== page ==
Last month, a story in the media about a social media challenge directed at children and young adults, called the “Momo Challenge,” created unease in parents throughout the country. The challenge turned out to be a social media hoax and no reports of children participating in the challenge actually surfaced – but they were still aware of it and were discussing it among friends.
Several questions and concerns in parents arose from this internet scare. Do I have a firm understanding of what my child is actually viewing online? How do I successfully and healthily monitor my child’s social media and internet usage? Below, we offer a few tips on how parents can become more in touch with and supervise their child’s digital footprint.
Establish open lines of communication
It’s important to sit down with children to explain what’s out there and the harmful impact some online content can have on them. Don’t be afraid to have these hard conversations. Children experience fewer damaging effects when they’ve been taught basic media literacy skills.
Make technology use a privilege
Make it known that your children have to earn their screen time. This may be difficult for them to understand, but stay …
Every teenager is going to experience pressure at some point in his life – pressure to achieve academically, pressure to fit in, pressure to establish a career path, etc. With the increasing demands put on teens today, it’s essential for them to understand the importance of mental wellness. Developing self-confidence through mental wellness will make it easier on teens to resist peer pressure.
Mental health is just as important as physical health, and it’s crucial for teens to appreciate its role in wellness as they prepare to venture into the world on their own. Below, we offer a few tips on how to encourage your teen to prioritize mental health.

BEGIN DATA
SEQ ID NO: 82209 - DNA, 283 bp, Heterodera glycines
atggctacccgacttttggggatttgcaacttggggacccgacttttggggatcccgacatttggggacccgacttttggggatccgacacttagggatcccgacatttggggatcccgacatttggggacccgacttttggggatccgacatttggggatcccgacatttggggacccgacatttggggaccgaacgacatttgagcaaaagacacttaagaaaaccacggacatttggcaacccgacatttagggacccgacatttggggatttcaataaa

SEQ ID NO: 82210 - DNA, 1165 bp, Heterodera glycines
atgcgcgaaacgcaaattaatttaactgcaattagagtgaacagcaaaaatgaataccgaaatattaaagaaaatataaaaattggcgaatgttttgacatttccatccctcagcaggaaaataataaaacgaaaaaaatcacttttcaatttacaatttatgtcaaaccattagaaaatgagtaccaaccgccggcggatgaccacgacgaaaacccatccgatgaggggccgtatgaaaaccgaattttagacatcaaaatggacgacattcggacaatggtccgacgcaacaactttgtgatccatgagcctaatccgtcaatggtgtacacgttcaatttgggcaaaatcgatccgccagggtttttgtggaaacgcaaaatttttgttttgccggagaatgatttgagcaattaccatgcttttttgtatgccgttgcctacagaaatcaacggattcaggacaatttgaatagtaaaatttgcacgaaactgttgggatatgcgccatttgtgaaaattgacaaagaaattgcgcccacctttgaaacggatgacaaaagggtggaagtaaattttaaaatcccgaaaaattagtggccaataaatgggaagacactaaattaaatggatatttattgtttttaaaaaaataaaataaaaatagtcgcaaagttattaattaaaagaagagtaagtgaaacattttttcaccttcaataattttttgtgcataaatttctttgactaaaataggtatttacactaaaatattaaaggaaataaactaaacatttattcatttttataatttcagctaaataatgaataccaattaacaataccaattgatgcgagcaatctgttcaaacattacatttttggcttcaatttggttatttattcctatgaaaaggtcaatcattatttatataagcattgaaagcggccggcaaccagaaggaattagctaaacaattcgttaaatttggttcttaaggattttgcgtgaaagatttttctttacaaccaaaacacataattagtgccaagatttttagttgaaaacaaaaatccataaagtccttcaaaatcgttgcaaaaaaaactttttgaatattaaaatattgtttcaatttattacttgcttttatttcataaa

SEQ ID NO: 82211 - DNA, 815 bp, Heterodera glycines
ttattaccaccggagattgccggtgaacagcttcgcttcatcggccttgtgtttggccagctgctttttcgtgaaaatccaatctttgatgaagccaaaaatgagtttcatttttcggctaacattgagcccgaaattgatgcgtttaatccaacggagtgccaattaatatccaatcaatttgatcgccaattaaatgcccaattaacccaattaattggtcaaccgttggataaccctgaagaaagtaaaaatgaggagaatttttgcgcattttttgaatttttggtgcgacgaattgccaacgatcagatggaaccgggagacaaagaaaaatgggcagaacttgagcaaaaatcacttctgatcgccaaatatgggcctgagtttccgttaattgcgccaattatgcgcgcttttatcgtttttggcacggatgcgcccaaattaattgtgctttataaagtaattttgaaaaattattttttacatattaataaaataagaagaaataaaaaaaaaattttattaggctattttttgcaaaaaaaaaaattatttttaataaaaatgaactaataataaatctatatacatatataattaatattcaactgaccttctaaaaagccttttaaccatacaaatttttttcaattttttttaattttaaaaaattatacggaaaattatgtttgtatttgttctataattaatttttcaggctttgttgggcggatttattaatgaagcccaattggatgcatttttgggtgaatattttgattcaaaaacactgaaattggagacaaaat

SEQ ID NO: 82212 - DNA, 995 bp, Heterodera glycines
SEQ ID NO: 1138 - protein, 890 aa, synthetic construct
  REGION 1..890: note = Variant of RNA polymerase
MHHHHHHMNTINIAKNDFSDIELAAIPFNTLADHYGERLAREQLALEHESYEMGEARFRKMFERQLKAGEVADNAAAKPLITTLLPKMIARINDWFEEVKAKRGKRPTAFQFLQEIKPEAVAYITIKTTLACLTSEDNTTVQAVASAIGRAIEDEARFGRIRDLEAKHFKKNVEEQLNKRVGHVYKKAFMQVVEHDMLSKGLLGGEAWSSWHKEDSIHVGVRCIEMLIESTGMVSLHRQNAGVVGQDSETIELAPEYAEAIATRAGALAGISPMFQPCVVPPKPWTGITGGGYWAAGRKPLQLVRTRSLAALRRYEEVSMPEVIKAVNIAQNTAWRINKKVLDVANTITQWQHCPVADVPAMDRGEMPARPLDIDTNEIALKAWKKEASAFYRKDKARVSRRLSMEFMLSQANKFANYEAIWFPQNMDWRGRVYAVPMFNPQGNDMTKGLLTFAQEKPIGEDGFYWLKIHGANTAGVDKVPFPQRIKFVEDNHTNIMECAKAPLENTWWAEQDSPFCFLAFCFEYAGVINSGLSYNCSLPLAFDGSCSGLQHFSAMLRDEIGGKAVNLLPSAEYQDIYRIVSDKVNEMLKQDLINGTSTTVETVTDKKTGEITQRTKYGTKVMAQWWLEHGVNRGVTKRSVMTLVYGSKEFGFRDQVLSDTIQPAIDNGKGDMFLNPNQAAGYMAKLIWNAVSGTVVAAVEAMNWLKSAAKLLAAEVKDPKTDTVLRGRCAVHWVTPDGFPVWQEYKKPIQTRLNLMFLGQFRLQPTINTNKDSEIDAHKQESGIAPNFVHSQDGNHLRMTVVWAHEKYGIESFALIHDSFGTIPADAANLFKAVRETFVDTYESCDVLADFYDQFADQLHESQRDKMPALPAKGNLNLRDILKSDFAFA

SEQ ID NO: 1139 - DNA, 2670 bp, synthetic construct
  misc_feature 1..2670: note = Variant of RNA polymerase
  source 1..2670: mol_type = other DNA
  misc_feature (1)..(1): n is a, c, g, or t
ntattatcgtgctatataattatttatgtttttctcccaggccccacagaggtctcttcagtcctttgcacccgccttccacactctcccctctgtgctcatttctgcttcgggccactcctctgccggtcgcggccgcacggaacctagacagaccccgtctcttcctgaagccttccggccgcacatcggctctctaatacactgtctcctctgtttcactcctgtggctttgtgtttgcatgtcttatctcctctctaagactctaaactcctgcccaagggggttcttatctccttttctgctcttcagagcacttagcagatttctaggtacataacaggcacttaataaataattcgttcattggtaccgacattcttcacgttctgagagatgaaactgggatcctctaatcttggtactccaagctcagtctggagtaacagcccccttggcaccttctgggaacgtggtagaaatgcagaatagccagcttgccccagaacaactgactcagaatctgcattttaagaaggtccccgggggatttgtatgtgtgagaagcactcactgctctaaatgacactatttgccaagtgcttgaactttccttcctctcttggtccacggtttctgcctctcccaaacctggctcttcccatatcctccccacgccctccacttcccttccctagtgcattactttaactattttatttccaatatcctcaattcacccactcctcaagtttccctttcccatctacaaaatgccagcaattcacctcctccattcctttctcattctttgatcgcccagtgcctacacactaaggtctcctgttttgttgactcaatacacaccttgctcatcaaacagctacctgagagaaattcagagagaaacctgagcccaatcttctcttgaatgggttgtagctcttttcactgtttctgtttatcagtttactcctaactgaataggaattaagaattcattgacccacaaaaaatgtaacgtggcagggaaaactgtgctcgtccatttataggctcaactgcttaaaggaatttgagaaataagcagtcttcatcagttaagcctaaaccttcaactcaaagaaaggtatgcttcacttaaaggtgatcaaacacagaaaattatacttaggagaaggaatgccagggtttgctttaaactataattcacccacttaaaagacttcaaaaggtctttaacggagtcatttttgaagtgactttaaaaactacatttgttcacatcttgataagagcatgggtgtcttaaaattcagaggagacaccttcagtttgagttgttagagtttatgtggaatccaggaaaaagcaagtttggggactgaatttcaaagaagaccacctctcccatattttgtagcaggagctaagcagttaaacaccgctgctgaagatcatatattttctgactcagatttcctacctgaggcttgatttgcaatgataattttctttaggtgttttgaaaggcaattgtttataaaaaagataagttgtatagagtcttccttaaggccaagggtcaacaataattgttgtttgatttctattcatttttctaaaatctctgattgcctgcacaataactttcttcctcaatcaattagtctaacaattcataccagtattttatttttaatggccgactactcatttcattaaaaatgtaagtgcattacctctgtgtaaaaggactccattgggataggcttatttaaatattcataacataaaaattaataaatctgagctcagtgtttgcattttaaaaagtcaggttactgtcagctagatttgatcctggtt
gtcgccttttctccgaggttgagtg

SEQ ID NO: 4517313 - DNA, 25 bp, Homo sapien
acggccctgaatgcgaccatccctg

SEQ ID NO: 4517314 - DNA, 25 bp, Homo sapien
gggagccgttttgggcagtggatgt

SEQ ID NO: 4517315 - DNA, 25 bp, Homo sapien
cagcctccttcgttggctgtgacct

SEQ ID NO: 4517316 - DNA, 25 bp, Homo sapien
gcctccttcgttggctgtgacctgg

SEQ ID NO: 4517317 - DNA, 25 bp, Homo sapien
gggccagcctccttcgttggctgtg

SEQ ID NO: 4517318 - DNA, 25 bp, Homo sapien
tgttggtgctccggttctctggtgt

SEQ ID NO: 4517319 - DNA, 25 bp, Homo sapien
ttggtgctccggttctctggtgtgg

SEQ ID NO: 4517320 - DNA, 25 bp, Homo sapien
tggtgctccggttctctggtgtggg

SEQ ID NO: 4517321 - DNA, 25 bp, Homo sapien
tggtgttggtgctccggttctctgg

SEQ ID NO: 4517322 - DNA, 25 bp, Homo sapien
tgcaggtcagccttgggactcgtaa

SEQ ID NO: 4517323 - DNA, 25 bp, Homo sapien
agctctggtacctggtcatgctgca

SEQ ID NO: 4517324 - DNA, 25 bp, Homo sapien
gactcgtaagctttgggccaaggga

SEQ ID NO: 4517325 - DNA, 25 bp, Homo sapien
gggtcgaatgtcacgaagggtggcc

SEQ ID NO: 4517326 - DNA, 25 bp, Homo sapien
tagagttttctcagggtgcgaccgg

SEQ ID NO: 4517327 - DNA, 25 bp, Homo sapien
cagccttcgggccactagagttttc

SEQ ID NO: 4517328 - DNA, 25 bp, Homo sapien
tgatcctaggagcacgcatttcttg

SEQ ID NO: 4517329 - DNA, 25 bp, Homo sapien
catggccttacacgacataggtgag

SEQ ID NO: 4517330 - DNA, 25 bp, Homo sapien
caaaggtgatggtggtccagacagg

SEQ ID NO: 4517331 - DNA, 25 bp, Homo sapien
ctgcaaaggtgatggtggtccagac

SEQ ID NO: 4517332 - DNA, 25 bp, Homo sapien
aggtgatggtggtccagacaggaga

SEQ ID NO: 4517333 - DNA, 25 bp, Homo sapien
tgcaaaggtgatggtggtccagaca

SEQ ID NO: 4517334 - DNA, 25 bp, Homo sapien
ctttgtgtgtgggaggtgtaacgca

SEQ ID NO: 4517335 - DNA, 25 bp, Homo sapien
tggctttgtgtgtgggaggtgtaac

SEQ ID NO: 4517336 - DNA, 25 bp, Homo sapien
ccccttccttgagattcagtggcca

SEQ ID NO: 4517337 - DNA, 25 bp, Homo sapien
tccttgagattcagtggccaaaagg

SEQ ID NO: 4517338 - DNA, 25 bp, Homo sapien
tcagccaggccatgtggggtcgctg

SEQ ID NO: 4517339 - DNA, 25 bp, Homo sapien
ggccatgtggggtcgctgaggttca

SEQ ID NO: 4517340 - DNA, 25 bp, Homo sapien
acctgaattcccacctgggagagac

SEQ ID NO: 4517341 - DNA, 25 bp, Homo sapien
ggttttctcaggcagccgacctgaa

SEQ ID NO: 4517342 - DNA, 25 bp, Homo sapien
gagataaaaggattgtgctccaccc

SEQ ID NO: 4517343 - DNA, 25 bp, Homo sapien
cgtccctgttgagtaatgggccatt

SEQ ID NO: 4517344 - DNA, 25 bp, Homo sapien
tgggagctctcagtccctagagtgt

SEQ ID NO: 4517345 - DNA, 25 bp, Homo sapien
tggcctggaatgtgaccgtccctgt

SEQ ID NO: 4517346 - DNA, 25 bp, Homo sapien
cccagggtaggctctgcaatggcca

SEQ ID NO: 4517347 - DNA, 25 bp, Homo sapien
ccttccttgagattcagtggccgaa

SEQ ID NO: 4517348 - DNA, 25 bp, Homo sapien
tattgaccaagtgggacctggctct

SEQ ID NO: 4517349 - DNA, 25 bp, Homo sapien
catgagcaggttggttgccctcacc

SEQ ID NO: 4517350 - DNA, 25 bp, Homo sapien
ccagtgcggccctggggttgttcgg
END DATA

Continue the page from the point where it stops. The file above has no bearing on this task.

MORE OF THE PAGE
Teach coping skills
Learning how to deal with and conquer negative emotions takes time. Work with your child to establish healthy coping skills that will ease the stress of the daily struggles he faces. Coping techniques can be different for every teenager, so work together to find what works. The goal is to establish a habit that will help your child put his negative feelings into perspective, allowing him to seek a healthy solution.
Be open to having hard conversations
It’s no secret that talking with teenagers about controversial subjects …
Whether you’re a college freshman who’s independent for the first time or a college senior who’s tasked with landing a job upon graduation, students of all ages deal with a lot of change, which can often be stressful and scary.
It’s true that your college years can be some of the best years of your life. But, we won’t sugar coat it – life in college can definitely be hectic, demanding and intimidating for some. The good news is you’re not the only one feeling this way. Experiencing anxiety over major life changes is normal. Some levels of stress can actually be a good thing, as the right kind of stress can lead us toward positive change and growth. However, stress and anxiety become a problem and a health risk for students when they exist for an extended period of time and seem impossible to control.
Whether it’s social or academic pressures, it’s important to seek resolutions from healthy outlets instead of harmful ones – such as drugs and alcohol. There are several resources available on campus to help you cope with and manage student stress. If you feel you need further guidance and support, these resources can connect you …
One of South Bay’s most unique attributes is that the majority of our services are conducted outside of our offices, such as in community settings. Our Early Childhood clinicians frequently travel to homes, schools, foster homes, residential programs, churches, childcare programs etc. – wherever our consumers feel most comfortable.
We understand that inviting an outside party into your home to work with your child can be scary and intimidating. There’s also a common misconception amongst our consumers that a South Bay clinician is the only party involved in the child’s development. It takes a joint effort of the entire family and our Early Childhood team to ensure growth, stability and well-being during the child’s early years. We explain everything you need to know about home-based services for children below.
The clinician’s role
When serving a child, South Bay’s Early Childhood clinicians work with the entire family – not just the child. The clinician’s role is to identify developmental delays and provide support to families if there are environmental barriers that are contributing adversely and may impact the child’s development. Such barriers may include drugs, alcohol, traumatic birth, etc. Once the developmental delay is determined, clinicians provide consultation among the team …